Monday, February 20, 2006

Happy Mardi Gras!

My husband and I used to live in New Orleans, so we still consider Mardi Gras season a major holiday. We had our annual Mardi Gras party this weekend. Like the residents of New Orleans recovering from Hurricane Katrina, we've had to settle for an abbreviated Mardi Gras celebration in the wake of my illness.

When we moved to Delaware in 1990, we sorely missed New Orleans and began an annual tradition of hosting a Mardi Gras party for our friends. Over the years, our party grew to monster proportions, with over 50 people attending by 2000. I became suddenly ill in March 2002 (after Mardi Gras had passed, thankfully). A year later, as our favorite holiday rolled around again, I still had no idea what was wrong with me, but I was determined not to let it get in the way of our party. I ignored my symptoms and pushed myself through the hard work of preparing for our big bash. I barely remember the party that year. By the time our guests began arriving, I was in a haze of pain and disorientation. The exertion of the past days, combined with the noise and the crowd, left me feeling lost in a fog. I spent the next two months in a severe crash, the worst I'd yet experienced. It was during that low point that I was finally diagnosed with CFIDS.

My husband and I were unwilling to completely give up our Mardi Gras tradition, but the following year we curtailed it back to a manageable scope. We explained to a lot of disappointed friends and colleagues that we had to give up on the big bash, and we invited just a few close friends. For the first time, I accepted my friends' offers to help with food and preparation.

So, we had our annual party this weekend with a small group of close friends. I settled into my spot on the couch, with my feet elevated, for most of the party. I did allow myself a beer for the occasion (we had some Abita, a delicious microbrew from Louisiana), but I drank only about a quarter of it over the course of 3 hours! We enjoyed the company of our friends and the food, although I had to skip the bread pudding with whiskey sauce since I can't tolerate either milk or alcohol.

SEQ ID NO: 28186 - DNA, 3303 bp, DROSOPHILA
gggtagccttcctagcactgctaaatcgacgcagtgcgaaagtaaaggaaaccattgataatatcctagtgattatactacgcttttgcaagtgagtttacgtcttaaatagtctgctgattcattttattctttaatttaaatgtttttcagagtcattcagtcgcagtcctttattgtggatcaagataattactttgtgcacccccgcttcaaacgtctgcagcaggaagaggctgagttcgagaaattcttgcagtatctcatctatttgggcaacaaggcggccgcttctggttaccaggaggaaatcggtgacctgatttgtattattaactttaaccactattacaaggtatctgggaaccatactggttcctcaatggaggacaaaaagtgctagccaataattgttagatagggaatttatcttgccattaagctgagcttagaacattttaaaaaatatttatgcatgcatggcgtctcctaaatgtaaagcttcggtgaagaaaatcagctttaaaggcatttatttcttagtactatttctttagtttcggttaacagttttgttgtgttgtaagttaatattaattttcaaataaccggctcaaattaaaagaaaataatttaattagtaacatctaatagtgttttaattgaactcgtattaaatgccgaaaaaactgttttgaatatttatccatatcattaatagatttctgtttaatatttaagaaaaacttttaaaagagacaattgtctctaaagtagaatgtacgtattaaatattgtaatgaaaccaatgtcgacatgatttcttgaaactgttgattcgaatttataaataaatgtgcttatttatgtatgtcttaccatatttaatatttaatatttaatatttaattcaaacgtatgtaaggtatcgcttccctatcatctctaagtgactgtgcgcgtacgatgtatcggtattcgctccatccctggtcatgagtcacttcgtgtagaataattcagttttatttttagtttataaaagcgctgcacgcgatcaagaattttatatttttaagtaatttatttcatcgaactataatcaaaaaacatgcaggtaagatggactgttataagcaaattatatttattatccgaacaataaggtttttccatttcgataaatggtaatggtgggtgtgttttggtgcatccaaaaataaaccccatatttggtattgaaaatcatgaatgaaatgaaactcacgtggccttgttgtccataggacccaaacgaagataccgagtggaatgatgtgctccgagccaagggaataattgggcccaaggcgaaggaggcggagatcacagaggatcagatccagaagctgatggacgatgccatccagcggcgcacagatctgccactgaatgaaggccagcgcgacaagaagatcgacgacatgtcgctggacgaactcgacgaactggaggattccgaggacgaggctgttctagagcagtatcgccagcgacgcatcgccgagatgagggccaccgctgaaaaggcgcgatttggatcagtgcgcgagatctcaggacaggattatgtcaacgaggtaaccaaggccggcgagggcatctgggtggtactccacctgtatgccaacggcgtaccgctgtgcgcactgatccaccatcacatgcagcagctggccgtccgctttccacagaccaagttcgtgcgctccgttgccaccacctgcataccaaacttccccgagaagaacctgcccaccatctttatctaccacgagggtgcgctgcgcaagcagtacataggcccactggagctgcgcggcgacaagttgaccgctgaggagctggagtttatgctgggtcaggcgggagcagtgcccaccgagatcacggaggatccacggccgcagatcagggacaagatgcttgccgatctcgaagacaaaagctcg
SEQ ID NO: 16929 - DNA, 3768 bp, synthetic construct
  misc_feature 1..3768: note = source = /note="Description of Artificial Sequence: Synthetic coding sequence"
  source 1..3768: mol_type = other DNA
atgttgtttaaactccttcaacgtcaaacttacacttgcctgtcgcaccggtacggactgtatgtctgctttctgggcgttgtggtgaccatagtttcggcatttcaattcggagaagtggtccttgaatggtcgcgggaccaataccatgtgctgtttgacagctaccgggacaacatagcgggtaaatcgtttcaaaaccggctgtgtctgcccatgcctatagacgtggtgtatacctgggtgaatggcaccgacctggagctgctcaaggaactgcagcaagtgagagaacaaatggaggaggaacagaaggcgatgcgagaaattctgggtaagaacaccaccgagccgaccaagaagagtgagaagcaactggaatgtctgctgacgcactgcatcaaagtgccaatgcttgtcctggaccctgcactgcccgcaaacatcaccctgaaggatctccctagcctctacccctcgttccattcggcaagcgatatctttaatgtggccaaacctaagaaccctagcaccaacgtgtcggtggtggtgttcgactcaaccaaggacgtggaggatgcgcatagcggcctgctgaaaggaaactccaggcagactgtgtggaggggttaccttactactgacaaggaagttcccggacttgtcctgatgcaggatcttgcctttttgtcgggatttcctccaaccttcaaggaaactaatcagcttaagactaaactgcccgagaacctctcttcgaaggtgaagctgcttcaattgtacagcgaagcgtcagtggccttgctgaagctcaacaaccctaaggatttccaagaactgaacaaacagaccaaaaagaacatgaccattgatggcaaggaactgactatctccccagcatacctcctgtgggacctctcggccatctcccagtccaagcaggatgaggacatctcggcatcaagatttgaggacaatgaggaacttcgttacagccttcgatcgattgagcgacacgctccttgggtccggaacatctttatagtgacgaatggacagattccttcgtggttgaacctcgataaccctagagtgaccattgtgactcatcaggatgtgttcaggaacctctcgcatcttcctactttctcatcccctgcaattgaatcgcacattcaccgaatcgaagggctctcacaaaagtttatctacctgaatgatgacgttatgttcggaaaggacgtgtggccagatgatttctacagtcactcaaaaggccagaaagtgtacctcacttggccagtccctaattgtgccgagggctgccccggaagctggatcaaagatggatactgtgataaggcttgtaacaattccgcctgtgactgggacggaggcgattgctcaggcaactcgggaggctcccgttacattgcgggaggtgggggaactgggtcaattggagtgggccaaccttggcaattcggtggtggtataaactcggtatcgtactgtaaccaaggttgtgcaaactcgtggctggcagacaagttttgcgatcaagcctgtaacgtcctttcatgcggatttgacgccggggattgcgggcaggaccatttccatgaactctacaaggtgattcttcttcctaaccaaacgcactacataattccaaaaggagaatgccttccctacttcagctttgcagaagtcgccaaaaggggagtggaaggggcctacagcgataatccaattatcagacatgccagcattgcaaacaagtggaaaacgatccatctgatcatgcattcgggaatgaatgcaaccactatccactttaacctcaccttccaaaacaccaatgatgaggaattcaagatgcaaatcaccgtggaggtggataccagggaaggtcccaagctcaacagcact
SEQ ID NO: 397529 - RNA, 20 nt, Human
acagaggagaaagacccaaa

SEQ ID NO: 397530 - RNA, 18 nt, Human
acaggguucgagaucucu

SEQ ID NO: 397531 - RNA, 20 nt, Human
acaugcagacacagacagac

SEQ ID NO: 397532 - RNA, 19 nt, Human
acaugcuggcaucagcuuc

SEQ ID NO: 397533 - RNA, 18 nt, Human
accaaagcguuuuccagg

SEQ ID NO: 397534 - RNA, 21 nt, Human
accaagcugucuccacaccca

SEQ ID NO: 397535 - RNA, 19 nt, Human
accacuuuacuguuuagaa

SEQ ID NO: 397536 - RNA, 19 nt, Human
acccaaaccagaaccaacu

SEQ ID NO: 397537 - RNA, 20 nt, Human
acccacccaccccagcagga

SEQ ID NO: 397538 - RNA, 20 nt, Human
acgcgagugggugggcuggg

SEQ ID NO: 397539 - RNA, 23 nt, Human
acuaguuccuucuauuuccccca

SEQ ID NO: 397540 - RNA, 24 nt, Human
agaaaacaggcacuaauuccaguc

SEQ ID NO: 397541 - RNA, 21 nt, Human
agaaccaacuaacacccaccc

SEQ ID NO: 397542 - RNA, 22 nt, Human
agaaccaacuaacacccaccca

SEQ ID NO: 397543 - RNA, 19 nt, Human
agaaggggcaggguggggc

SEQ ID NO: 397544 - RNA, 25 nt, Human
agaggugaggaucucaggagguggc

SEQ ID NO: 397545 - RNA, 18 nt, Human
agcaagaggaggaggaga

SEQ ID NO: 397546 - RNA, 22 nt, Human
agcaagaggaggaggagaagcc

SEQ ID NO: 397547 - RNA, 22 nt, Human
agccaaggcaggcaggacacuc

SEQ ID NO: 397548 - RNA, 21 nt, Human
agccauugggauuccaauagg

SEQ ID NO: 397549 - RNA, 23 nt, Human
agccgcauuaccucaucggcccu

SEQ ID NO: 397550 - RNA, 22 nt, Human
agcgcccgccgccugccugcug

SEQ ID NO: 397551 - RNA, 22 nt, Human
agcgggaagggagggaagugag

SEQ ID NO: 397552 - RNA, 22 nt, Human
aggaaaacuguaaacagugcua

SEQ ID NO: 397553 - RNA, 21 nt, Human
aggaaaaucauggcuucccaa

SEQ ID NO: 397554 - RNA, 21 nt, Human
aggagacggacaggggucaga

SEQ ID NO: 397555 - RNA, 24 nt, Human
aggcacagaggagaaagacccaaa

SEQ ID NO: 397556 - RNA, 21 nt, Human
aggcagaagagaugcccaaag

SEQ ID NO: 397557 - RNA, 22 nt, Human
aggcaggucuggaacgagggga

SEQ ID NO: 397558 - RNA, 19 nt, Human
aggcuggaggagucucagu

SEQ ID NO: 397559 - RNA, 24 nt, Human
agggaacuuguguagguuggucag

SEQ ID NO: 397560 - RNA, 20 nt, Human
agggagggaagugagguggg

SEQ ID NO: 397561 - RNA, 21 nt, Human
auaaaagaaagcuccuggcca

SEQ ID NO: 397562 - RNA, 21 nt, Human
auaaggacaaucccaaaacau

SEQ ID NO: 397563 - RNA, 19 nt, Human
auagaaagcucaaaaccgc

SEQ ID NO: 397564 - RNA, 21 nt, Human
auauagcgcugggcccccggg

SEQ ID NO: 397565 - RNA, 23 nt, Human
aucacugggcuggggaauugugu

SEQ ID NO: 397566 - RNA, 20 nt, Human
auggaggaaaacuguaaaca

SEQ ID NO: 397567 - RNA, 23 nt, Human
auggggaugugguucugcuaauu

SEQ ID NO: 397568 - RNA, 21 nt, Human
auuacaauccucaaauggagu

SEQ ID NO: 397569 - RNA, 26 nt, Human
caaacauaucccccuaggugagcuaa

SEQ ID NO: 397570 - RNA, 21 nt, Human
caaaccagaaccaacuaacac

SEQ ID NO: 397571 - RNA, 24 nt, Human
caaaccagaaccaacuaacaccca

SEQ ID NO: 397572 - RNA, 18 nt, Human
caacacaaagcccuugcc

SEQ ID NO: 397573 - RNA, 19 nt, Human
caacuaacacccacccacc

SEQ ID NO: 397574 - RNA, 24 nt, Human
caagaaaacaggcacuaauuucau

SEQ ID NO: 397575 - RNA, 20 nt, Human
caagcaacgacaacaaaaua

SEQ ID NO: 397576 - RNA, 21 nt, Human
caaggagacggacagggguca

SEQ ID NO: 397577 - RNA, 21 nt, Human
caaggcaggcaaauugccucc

Still, despite all of our scaling back, I woke on Sunday morning feeling terrible. How sad that I can no longer enjoy a few beers but still feel like I've got the world's worst hang-over! I hurt all over, as if I'd run a marathon (and maybe been hit by a truck, too), slept poorly in spite of Ambien, and felt exhausted. I expected this, though, and settled in for a few days of rest and taking it easy. Those days of recovery are as much a part of the party for me now as the preparations: pick up the shrimp, make a pot of jambalya, order King Cakes, and plan on a few days on the couch afterward.

I realized this weekend that our approach to our beloved party is an illustration of my overall attitude toward living with CFIDS. I've learned (the hard way) that I can't ignore my limits or push past them without severe consequences. I've had to give up many things I used to enjoy and scale back others. My life these days is very different than it was before I got sick, but it's still my life. I've adapted to my limitations, and I try to make the best of what I have to work with. Sometimes, as with our Mardi Gras party, I make a conscious decision to go outside my limits and I know to expect a crash. I've tried hard not to let CFIDS define me. I'm still me. I may not be able to party like I used to, but I can still maintain that party spirit and enjoy the company of my friends.

So, in that spirit, here are some ways to enjoy Mardi Gras, in spite of CFIDS:

- See live webcams and videos of the parades and other festivities in New Orleans at
- Order spicy Louisiana potato chips from Zapp's (all that salt is actually good for you when you have orthostatic intolerance!) Our favorites are the Cajun Crawtators and Cajun Dill chips at (or 1-800-HOT-CHIP)
- Order a Mardi Gras King Cake from Gambino's Bakery in New Orleans: or look through your yellow pages to find a local bakery that makes King Cakes (we even found one in Delaware)

Happy Mardi Gras!

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